Yesterday, the State of Montana overturned the ban on same sex marriages. It happened a lot quicker than many thought it would, and not soon enough for others. I had been interested in the outcome not only because it would have a profound effect on my business, but more importantly, because it directly affected someone I love.
As soon as I read the news, I posted the announcement on my niece’s Facebook wall – I thought for certain she had already heard, but as I found out later, I was the one to let her know. She responded with, “I could cry.” I was so excited for her! For years, she has been hoping for this day.
I was raised as a Jehovah’s Witness (as was my niece) and we were taught that homosexuality is a sin. Not hard for me to believe as it just didn’t seem right and I didn’t have any exposure to it. However, as my niece became more familiar with feelings she wasn’t sure how to sort out, she realized she was attracted to females. I can’t imagine being in her shoes coming to that realization with all the negative attention homosexuality received even as far back as when she was young. Not only from the public, but from the people closest to her, her own family.
My niece is, and always has been, one of my favorite people. She was an adorable baby and toddler with big doe eyes that were the only indication she had been hurt. She rarely made a sound, but if something was wrong, we could tell because her eyes would be half filled with tears, ready to splash over. As she grew older, her humor became quick and perfectly executed. We would turn down the volume to the Planet of the Ape movies and make up our own dialogue. She was a blast to be around.
When she became best friends with another girl, I thought nothing of it. I had a best friend when I was in Junior High and early High School and that friend happened to be a girl. When I heard the notion that my niece and her best friend might be more than friends, I had a hard time processing it. Everything I had been taught in my past reared up to threaten the relationship with my niece, but my experience as her Aunt and friend suited up and showed up and began fighting back.
I didn’t know how to respond to the news. I wanted to be able to pretend it didn’t bother me, but I couldn’t be dishonest. I wanted to be like those progressive, freedom fighting, equal rights for everyone characters I saw, but my mind was stuck in what I had been taught for years. Had it been anyone else besides a close family member, I could have distanced myself and pretended it didn’t matter. But I was unwilling to sacrifice my relationship with my niece just because of the gender of a person she loved so I was going to have to work it out.
I had always thought of the scripture in the Old Testament when it came to homosexuality; the scripture in Leviticus which states: “Man shall not lie with man . . .” That was good enough for me – until it wasn’t.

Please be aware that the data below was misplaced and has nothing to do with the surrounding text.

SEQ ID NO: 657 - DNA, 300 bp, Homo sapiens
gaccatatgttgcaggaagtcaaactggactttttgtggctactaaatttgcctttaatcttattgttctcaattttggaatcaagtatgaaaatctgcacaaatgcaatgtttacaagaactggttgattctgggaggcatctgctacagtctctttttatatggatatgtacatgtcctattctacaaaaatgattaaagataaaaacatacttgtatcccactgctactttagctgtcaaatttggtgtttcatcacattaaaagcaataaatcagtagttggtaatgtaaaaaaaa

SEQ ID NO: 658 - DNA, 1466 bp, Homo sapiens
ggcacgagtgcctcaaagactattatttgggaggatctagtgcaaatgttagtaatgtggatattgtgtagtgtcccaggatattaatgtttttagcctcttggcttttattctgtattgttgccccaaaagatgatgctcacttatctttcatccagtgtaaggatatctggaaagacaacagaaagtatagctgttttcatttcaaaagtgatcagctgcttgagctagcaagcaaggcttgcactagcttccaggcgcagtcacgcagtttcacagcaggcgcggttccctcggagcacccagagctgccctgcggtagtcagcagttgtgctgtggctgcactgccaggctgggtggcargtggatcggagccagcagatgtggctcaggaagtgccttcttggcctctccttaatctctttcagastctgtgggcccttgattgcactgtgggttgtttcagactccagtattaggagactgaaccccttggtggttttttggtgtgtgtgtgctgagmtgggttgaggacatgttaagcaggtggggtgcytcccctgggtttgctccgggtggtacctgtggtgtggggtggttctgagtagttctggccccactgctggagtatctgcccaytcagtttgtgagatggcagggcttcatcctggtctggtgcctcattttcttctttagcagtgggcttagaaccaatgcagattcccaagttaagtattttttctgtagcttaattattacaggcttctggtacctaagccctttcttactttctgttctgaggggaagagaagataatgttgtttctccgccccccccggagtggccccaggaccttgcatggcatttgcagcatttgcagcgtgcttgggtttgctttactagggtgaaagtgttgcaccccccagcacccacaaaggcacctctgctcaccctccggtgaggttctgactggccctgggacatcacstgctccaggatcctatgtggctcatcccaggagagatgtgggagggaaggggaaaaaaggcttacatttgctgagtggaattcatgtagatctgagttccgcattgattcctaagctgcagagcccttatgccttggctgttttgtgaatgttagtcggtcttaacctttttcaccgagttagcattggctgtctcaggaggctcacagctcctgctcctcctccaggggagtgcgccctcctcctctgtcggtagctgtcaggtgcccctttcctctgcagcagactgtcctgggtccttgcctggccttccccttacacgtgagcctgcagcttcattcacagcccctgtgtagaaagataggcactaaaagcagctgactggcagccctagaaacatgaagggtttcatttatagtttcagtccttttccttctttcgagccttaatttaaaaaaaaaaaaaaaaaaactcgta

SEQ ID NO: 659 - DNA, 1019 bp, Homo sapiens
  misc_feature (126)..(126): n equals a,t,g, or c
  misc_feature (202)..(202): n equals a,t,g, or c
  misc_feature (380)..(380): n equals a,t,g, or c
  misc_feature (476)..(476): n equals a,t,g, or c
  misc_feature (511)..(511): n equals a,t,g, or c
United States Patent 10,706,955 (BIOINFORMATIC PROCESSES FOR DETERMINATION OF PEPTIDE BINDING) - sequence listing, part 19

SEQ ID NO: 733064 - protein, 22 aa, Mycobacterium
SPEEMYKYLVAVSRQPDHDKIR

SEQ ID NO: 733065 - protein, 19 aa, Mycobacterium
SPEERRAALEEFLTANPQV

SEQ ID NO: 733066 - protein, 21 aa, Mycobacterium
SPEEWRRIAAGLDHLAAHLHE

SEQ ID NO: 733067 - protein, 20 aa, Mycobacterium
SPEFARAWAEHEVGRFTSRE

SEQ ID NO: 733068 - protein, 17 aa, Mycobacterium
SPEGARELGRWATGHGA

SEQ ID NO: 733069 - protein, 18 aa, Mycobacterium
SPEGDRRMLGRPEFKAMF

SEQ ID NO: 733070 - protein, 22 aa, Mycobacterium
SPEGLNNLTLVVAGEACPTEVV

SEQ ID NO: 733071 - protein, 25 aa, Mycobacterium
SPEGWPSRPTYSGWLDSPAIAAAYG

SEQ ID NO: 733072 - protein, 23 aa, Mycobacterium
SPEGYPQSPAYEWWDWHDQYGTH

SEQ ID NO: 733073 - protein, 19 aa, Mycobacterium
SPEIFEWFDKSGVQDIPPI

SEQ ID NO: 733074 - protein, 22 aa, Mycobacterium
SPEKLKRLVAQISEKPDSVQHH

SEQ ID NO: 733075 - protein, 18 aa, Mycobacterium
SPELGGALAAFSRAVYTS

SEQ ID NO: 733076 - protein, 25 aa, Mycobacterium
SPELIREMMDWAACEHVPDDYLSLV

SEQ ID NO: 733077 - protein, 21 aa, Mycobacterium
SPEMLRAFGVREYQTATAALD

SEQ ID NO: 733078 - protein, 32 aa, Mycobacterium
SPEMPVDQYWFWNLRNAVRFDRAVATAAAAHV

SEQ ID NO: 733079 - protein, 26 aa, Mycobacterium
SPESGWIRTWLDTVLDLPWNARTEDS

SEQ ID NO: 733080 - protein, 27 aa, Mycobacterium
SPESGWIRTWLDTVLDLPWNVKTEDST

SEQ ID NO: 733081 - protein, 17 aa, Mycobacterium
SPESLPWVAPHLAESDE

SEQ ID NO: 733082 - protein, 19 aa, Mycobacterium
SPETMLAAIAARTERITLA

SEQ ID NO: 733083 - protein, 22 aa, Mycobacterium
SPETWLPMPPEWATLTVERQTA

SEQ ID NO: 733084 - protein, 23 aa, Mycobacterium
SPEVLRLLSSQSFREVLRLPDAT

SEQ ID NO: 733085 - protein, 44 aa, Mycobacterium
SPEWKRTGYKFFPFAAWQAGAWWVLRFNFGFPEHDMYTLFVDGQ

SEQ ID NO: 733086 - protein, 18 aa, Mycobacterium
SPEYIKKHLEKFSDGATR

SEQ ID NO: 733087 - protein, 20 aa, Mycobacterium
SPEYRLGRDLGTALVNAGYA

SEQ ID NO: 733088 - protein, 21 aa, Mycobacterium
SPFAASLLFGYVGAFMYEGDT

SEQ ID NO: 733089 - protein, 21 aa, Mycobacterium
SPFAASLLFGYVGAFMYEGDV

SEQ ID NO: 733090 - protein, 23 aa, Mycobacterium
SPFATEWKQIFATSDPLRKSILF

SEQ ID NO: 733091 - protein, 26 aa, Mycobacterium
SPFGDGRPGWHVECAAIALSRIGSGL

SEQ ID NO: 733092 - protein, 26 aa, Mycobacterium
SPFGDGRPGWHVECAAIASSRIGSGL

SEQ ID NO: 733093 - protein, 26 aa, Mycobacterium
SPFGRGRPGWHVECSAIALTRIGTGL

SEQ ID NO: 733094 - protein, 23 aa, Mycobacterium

I’m going to get a little religious here, but it is important to my point. I was raised to believe Jesus came to make a new covenant between God and mankind. We no longer had to concentrate so much on every little detail and every single commandment, because Jesus came and paid the ransom. His command was, “Love the Lord your God with all your heart and with all your soul and with all your mind and with all your strength. The second is this: ‘Love your neighbor as yourself.’ There is no commandment greater than these.” – Mark 12 : 30, 31.
These two commandments cover a multitude of sins. If you love your neighbor as yourself, you will not murder, you will not commit adultery, you will not steal, etc. If you love God with all your heart, soul, mind and strength, you will not create idols, you will not take God’s name in vain, etc.
Basically, what I took from that is Jesus commanded me to Love.
I was not commanded to only love those who believe the same things I do. I was not commanded to only love those who follow the rules I believe apply. I was not commanded to spew scriptures at those I have judged unworthy of God’s love.
I WAS COMMANDED TO LOVE.
My niece has always brought up the point, why would she choose to be homosexual? Why would she choose to live and lead a life that much of society considers dirty and sinful? Why would she choose a lifestyle that people feel such raging hatred against? She didn’t choose to be attracted to women, but she has accepted it about herself – especially because she has fallen in love with someone pretty spectacular. They already live like a married couple, they were just not allowed to have the benefits of a married couple.
Yesterday, when the decision was released, I was so happy for her, I didn’t even think about all the people who would be angry and spiteful. I didn’t feel like it had been a fight against people as much as a fight against an idea. However, when the news station posted a picture of the first gay couple getting their marriage license, the comments reminded me that just because same sex marriage is now legal, it doesn’t mean it is going to always be accepted.
Last night my niece explained to me that after she learned she had the right to marry, for just a brief moment, she felt like everyone else. After a lifetime of fighting a feeling of “different,” I’d say it truly is a victory – just to feel normal!
I understand that by writing this, I may have lost some friends, followers, etc.
But if my niece can be strong enough to stand up for the person she loves, the least I can do is the same.
I WAS COMMANDED TO LOVE.